Swiss Walls


I’m getting ready to preach. Preach about my walls. Please forgive me in advance because this is something I’m passionate about! A few of you asked the same great question about my nail holes…

Here’s Jo:

But what do you do with all the holes in your wall above the piano where you had the barn stars before? Do you plaster and paint every time you move something on the walls? Just curious, because I like to move things around too ;-)

Does every tiny hole in a wall actually need to be filled? Did I miss that day in how to be an adult school? I know I missed the day about taking a shower every day and also the day about how you cannot feed your kids cereal for dinner but holes in the walls?


I’m sure that I am just carefree in this category but as a woman and home stager who has lived in 11 different homes 3 of which we owned I have NEVER patched every hole before we’ve moved. I have NEVER had a buyer back out because I have holes in my walls. I am so on my high, high horse now I’m gonna trot around.


I have a friend who’s husband is the wall hole Nazi and must have every hole filled upon nail removal. I happen to think there are more important things in life–or even in my home–than filling every tiny hole on my walls. If your house is dated yet with pristine walls you’ll get less money for it than if it has a few nail holes and is up to date and appealing. Please excuse the preaching. I do tend to think that people seem to major on the minors in this case. Instead of filling your holes, buy a new faucet or replace that shag carpet or repaint the front door. Potential buyers see holes {nail holes that is} in the wall as a non issue. However, that avocado green stove or that bathroom sink that is only 30 inches high makes them run for their lives!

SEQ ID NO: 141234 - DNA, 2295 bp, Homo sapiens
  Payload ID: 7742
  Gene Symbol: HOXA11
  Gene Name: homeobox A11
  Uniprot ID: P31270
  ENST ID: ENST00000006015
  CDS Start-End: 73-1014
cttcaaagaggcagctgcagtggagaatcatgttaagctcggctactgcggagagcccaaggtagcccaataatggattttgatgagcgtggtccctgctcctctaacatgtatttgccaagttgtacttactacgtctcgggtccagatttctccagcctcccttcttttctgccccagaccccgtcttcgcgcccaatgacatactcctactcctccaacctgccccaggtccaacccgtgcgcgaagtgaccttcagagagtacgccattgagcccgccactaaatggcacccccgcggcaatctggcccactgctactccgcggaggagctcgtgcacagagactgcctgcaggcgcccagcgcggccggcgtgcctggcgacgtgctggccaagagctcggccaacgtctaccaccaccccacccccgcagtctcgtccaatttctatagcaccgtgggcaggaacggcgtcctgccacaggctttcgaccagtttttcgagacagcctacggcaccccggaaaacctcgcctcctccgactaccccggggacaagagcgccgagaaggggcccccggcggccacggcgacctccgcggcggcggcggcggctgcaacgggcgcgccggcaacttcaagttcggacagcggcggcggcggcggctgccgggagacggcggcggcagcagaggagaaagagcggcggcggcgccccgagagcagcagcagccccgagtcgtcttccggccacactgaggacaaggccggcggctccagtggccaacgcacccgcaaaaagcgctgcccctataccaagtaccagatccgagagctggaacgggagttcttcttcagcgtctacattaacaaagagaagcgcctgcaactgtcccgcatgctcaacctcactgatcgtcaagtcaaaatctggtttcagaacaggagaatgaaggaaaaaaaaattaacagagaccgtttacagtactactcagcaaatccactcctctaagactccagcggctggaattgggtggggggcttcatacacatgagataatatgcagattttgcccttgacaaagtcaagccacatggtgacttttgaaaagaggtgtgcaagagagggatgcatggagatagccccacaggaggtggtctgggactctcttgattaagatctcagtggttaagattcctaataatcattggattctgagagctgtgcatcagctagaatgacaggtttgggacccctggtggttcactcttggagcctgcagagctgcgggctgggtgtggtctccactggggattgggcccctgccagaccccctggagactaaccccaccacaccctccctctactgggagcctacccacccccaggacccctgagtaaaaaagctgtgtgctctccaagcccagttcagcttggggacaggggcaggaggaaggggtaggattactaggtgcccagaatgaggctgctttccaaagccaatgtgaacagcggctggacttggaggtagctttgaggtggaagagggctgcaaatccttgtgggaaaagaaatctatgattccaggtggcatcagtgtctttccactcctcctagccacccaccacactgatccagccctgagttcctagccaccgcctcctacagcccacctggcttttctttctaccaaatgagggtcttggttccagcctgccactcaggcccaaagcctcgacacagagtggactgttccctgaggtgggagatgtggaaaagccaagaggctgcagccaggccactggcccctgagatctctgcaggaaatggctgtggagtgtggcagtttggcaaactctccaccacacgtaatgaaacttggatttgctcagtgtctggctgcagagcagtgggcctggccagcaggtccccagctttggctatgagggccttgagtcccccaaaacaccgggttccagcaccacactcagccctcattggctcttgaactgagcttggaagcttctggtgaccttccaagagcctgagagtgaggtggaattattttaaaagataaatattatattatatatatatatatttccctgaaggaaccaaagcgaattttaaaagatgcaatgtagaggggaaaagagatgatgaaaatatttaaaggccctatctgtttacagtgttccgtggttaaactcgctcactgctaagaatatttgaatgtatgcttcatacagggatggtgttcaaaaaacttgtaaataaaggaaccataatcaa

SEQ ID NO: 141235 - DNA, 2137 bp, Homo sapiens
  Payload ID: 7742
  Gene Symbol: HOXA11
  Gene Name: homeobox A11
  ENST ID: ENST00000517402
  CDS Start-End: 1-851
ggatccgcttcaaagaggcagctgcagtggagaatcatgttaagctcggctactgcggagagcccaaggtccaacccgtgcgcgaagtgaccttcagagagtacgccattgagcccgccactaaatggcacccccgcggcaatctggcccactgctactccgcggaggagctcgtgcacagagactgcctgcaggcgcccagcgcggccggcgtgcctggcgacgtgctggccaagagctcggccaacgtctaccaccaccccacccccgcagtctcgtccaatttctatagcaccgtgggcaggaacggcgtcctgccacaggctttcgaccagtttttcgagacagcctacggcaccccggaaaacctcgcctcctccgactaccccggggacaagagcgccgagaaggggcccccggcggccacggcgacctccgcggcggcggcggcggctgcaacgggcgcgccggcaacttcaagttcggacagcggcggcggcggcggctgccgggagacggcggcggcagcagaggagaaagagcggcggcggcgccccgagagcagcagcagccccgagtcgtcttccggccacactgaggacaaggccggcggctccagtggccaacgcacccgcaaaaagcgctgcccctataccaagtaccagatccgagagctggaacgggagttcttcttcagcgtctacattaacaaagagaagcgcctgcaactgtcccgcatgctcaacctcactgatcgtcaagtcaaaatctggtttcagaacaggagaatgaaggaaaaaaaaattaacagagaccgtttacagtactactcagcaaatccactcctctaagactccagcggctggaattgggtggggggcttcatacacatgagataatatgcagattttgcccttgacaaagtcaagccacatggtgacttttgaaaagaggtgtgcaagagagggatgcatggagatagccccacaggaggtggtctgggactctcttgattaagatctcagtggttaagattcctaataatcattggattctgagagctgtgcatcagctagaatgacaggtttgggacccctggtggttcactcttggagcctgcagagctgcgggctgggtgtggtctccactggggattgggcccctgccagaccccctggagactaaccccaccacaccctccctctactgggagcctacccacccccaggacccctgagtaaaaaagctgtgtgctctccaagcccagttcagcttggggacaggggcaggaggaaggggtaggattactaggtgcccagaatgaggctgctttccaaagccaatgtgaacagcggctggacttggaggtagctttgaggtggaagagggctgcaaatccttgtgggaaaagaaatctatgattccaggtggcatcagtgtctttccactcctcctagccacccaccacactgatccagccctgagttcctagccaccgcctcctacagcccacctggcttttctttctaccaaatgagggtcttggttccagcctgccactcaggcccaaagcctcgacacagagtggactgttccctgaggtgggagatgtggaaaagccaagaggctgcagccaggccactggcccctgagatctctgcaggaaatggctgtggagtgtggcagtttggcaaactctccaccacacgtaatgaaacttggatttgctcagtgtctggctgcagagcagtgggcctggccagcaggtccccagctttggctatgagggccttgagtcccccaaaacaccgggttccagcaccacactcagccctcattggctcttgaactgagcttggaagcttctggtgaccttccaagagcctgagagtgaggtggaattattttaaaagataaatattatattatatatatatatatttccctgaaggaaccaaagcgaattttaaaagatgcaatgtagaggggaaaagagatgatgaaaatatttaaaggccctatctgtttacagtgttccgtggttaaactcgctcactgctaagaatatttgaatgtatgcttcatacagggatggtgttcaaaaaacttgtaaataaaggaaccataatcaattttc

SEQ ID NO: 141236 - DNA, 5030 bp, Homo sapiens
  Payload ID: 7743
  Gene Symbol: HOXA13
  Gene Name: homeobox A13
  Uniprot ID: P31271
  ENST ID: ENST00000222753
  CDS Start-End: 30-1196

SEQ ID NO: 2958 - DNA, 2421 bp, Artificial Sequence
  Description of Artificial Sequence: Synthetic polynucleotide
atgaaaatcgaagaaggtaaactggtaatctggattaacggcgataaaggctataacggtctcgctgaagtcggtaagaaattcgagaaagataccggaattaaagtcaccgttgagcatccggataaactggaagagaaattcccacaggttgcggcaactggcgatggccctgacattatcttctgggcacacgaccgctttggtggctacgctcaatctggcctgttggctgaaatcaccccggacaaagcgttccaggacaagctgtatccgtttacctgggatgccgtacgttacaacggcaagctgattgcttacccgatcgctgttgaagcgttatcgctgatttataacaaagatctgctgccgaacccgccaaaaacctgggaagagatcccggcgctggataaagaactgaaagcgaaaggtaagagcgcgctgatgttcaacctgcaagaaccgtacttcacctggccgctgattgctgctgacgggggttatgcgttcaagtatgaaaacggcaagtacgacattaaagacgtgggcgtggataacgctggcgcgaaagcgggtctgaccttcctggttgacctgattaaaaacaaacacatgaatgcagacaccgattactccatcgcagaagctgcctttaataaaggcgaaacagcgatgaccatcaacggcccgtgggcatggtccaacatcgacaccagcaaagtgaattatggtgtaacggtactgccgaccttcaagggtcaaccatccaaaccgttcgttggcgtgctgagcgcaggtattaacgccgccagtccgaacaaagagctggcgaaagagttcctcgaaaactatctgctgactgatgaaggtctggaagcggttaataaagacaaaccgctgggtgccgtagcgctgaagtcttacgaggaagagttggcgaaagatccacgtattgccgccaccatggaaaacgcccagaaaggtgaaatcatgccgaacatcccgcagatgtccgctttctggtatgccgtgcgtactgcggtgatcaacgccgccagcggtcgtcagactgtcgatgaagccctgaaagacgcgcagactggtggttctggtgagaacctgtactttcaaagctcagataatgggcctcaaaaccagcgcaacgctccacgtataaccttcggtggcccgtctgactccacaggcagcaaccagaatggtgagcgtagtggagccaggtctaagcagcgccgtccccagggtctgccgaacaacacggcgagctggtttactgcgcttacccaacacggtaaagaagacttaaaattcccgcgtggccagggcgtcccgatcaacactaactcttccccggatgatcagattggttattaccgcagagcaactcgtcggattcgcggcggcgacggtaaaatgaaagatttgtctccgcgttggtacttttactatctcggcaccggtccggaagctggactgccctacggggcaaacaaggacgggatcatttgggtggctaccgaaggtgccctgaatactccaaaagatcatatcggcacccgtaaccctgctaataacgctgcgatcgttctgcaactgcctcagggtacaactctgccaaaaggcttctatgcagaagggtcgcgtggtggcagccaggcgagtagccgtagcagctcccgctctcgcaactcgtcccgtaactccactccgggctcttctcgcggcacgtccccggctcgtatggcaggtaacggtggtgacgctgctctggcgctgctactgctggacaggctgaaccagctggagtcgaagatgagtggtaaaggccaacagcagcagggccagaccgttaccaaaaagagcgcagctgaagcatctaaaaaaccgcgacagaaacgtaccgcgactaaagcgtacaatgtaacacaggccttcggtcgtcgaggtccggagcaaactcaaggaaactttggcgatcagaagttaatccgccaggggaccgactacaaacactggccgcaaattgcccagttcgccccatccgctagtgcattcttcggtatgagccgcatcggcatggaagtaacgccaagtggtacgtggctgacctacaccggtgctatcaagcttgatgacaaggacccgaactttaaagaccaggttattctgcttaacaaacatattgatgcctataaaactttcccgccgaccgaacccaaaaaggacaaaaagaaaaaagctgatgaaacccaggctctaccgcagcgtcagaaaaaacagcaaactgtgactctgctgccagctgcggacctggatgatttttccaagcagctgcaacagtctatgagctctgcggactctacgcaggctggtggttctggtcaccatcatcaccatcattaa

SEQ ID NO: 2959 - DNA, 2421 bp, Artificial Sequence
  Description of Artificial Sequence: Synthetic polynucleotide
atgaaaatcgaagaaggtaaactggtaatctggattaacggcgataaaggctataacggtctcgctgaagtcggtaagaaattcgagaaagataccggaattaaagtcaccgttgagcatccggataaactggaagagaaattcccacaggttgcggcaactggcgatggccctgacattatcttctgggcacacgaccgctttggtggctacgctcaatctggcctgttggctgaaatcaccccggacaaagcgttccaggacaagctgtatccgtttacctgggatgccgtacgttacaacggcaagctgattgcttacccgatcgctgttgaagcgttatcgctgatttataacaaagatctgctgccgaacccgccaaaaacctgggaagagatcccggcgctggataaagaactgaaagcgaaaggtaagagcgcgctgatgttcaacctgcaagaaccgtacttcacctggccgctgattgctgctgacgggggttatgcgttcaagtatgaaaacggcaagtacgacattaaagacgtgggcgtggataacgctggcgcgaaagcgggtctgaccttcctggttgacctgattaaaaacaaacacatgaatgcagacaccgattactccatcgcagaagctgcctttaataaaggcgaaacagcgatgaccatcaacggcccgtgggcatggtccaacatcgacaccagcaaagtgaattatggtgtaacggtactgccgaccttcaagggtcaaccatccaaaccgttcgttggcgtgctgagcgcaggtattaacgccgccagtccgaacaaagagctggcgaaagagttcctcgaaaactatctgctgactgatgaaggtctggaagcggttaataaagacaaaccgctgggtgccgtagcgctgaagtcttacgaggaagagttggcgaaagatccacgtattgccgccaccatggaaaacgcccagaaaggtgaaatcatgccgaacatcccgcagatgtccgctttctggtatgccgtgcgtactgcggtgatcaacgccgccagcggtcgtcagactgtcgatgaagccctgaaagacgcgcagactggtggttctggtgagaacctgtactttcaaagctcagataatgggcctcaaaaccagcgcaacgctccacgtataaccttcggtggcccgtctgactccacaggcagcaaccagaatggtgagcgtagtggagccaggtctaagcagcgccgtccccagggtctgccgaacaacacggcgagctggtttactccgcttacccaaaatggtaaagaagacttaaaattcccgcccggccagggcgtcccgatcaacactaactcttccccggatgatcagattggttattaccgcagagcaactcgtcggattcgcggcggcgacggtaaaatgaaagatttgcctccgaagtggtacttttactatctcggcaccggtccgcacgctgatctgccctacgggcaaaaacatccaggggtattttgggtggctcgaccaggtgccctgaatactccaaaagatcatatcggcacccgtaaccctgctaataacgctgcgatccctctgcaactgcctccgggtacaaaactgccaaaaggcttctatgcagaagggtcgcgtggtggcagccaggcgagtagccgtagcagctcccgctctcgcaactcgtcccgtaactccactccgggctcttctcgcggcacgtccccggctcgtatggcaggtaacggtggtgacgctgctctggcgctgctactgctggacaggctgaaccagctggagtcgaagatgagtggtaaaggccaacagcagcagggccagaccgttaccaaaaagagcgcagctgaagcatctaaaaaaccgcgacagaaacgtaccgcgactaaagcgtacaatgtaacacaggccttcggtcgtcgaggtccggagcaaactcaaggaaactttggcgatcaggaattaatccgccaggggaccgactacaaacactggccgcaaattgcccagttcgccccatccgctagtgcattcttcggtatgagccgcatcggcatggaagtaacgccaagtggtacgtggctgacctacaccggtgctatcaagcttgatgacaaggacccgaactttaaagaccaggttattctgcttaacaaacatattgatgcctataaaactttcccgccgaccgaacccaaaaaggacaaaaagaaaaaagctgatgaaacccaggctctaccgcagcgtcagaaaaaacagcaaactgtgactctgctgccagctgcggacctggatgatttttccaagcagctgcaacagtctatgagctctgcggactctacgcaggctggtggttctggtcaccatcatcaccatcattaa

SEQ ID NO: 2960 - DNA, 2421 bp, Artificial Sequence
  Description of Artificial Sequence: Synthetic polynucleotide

Now, back to sweet Jo’s question, it’s a really valid question and, I do have a solution:

* Try to use the smallest, skinniest nails or upholstery tacks.

* To fill a hole easily, I’ll get a small amount of that nail hole filler stuff on my finger and push it in the hole and right then with a wet rag I’ll wipe off all the filler that landed on the paint and not in the hole. 90% of the time this does the trick and I am done with the wall. I have even been known to use white toothpaste to fill a big hole if I’m out of filler.

* If your wall color is dark, after you put putty in the hole and let it dry, get a tiny kid’s paint brush and dab a drop of paint on the hole–if you can even find the hole again.

Done with the sermon and man do I feel better now that I have that off my chest. Yes, I do try to fill most of my nail holes but I for sure do not patch and repaint. I hope you can accept me and my wild and crazy views about nail holes! Now get your hammers out and and be free to make holes in your walls because it doesn’t have to be perfect to be beautiful!

Oh, and if you want to see what is over my piano now besides lots of little holes, stay tuned, I’ll show you tomorrow!

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Comments

  1. shhhhh but sometimes I’ve been known to fill a nail hole with left over cooked rice. It squishes nicely into the hole and you can’t even tell when it hardens. I also have a trick for hooks on the wall that get loose (screw hole gets too big after being pulled on etc) I fill the hole with hotglu then push that screw and hook right back in. It never fails and I never have loose screws holding my bathrobe etc again.

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